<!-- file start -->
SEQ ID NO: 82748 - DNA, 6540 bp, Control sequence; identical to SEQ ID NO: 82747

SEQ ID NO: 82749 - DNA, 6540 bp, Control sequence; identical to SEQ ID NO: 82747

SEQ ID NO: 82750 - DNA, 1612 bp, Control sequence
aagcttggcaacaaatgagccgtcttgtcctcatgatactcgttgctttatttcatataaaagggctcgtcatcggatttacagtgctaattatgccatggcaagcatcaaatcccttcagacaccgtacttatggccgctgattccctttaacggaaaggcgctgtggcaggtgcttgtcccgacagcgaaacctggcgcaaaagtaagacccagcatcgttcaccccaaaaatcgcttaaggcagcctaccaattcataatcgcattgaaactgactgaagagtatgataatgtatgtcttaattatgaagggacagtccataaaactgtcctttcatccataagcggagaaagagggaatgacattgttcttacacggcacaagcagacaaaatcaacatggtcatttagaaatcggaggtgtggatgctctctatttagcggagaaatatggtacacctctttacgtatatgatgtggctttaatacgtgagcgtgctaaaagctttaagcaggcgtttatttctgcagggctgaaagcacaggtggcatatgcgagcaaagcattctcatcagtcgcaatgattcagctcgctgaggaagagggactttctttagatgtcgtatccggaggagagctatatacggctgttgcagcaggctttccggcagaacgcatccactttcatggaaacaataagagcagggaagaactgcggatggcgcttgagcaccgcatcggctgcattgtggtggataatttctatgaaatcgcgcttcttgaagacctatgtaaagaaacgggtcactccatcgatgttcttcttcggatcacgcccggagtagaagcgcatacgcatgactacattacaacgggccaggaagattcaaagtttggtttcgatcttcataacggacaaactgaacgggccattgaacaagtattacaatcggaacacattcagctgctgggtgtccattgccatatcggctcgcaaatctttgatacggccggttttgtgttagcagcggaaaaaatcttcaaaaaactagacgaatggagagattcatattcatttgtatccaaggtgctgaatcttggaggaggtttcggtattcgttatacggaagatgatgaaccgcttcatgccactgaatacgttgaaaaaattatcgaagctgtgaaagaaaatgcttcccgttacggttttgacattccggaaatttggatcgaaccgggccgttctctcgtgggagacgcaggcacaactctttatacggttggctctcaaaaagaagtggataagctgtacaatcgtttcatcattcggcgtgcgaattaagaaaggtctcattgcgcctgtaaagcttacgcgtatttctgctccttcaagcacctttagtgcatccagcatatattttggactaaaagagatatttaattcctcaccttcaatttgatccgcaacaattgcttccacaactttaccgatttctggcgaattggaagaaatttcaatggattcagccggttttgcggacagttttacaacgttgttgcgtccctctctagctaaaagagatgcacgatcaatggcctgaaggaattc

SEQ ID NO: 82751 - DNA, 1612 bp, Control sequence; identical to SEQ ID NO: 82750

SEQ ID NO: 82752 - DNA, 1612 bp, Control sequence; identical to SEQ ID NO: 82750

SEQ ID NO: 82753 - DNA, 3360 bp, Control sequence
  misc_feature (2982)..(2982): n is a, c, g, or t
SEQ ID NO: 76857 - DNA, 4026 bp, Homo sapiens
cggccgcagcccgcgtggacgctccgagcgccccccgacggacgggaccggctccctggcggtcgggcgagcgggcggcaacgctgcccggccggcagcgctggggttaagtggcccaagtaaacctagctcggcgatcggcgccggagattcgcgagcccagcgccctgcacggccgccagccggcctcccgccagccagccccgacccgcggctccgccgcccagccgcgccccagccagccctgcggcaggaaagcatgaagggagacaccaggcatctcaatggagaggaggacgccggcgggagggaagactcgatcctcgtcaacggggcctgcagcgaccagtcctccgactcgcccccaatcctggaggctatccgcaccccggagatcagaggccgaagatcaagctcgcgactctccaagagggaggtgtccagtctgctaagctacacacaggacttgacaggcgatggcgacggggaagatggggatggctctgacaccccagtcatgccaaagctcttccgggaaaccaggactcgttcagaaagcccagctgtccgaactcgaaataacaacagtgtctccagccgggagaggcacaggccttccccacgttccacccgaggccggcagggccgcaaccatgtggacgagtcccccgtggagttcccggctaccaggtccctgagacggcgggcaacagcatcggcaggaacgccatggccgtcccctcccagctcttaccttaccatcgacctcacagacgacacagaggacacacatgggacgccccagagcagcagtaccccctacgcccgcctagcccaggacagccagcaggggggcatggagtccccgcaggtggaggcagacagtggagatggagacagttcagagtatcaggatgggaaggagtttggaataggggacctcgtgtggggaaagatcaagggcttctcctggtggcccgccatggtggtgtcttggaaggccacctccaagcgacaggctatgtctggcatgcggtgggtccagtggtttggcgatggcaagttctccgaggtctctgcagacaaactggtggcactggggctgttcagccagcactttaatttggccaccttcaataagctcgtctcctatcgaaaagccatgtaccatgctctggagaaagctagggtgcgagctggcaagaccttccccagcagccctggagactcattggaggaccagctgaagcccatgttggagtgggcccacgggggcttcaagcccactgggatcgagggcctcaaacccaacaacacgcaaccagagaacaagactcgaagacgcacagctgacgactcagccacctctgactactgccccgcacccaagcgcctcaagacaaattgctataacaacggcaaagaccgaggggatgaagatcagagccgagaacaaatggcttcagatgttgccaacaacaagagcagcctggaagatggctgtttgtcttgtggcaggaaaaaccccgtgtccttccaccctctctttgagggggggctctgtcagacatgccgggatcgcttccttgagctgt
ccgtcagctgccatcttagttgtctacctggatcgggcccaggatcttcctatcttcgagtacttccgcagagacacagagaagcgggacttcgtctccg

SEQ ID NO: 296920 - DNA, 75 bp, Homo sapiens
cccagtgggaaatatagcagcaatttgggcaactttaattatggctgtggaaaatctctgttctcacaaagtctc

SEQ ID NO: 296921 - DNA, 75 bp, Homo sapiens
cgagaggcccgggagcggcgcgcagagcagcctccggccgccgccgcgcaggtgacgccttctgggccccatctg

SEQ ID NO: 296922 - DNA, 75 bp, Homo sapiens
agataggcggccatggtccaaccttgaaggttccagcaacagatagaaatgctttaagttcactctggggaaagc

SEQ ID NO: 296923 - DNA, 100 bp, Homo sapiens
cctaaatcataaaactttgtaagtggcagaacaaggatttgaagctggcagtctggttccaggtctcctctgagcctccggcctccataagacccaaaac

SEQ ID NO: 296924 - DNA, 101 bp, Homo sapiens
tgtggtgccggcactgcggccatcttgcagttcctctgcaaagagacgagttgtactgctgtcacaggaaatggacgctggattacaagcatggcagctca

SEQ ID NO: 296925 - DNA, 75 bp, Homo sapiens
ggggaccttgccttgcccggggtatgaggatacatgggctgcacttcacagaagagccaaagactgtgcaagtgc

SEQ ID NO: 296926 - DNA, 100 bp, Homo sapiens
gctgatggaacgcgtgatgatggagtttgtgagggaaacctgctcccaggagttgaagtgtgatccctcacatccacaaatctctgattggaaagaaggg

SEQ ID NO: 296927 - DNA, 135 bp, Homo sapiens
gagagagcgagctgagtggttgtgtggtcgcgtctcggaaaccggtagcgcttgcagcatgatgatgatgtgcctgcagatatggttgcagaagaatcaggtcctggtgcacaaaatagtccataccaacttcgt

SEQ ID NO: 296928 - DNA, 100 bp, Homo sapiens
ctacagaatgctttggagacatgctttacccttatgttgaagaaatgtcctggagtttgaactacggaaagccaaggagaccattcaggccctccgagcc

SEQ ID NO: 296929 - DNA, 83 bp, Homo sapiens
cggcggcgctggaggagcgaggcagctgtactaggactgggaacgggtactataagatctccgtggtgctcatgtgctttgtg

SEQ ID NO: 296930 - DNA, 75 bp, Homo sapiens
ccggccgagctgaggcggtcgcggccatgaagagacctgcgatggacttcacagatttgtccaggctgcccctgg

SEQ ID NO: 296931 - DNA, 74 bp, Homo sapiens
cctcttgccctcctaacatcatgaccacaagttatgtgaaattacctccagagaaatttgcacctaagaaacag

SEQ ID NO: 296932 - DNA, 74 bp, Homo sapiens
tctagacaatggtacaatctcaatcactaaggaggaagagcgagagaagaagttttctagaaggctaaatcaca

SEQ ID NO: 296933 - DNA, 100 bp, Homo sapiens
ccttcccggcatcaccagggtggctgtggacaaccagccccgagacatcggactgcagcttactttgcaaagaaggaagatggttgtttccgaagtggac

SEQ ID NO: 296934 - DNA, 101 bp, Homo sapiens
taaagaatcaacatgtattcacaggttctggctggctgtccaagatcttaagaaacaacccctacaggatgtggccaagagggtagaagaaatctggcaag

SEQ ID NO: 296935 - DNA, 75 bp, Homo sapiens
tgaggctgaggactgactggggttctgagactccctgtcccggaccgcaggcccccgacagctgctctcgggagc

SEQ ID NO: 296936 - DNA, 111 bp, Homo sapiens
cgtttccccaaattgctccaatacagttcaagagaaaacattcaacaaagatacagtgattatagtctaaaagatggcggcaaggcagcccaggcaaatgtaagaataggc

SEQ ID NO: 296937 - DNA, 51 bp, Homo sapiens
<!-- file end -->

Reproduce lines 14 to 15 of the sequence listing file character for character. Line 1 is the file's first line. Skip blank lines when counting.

SEQ ID NO: 296921 - DNA, 75 bp, Homo sapiens
cgagaggcccgggagcggcgcgcagagcagcctccggccgccgccgcgcaggtgacgccttctgggccccatctg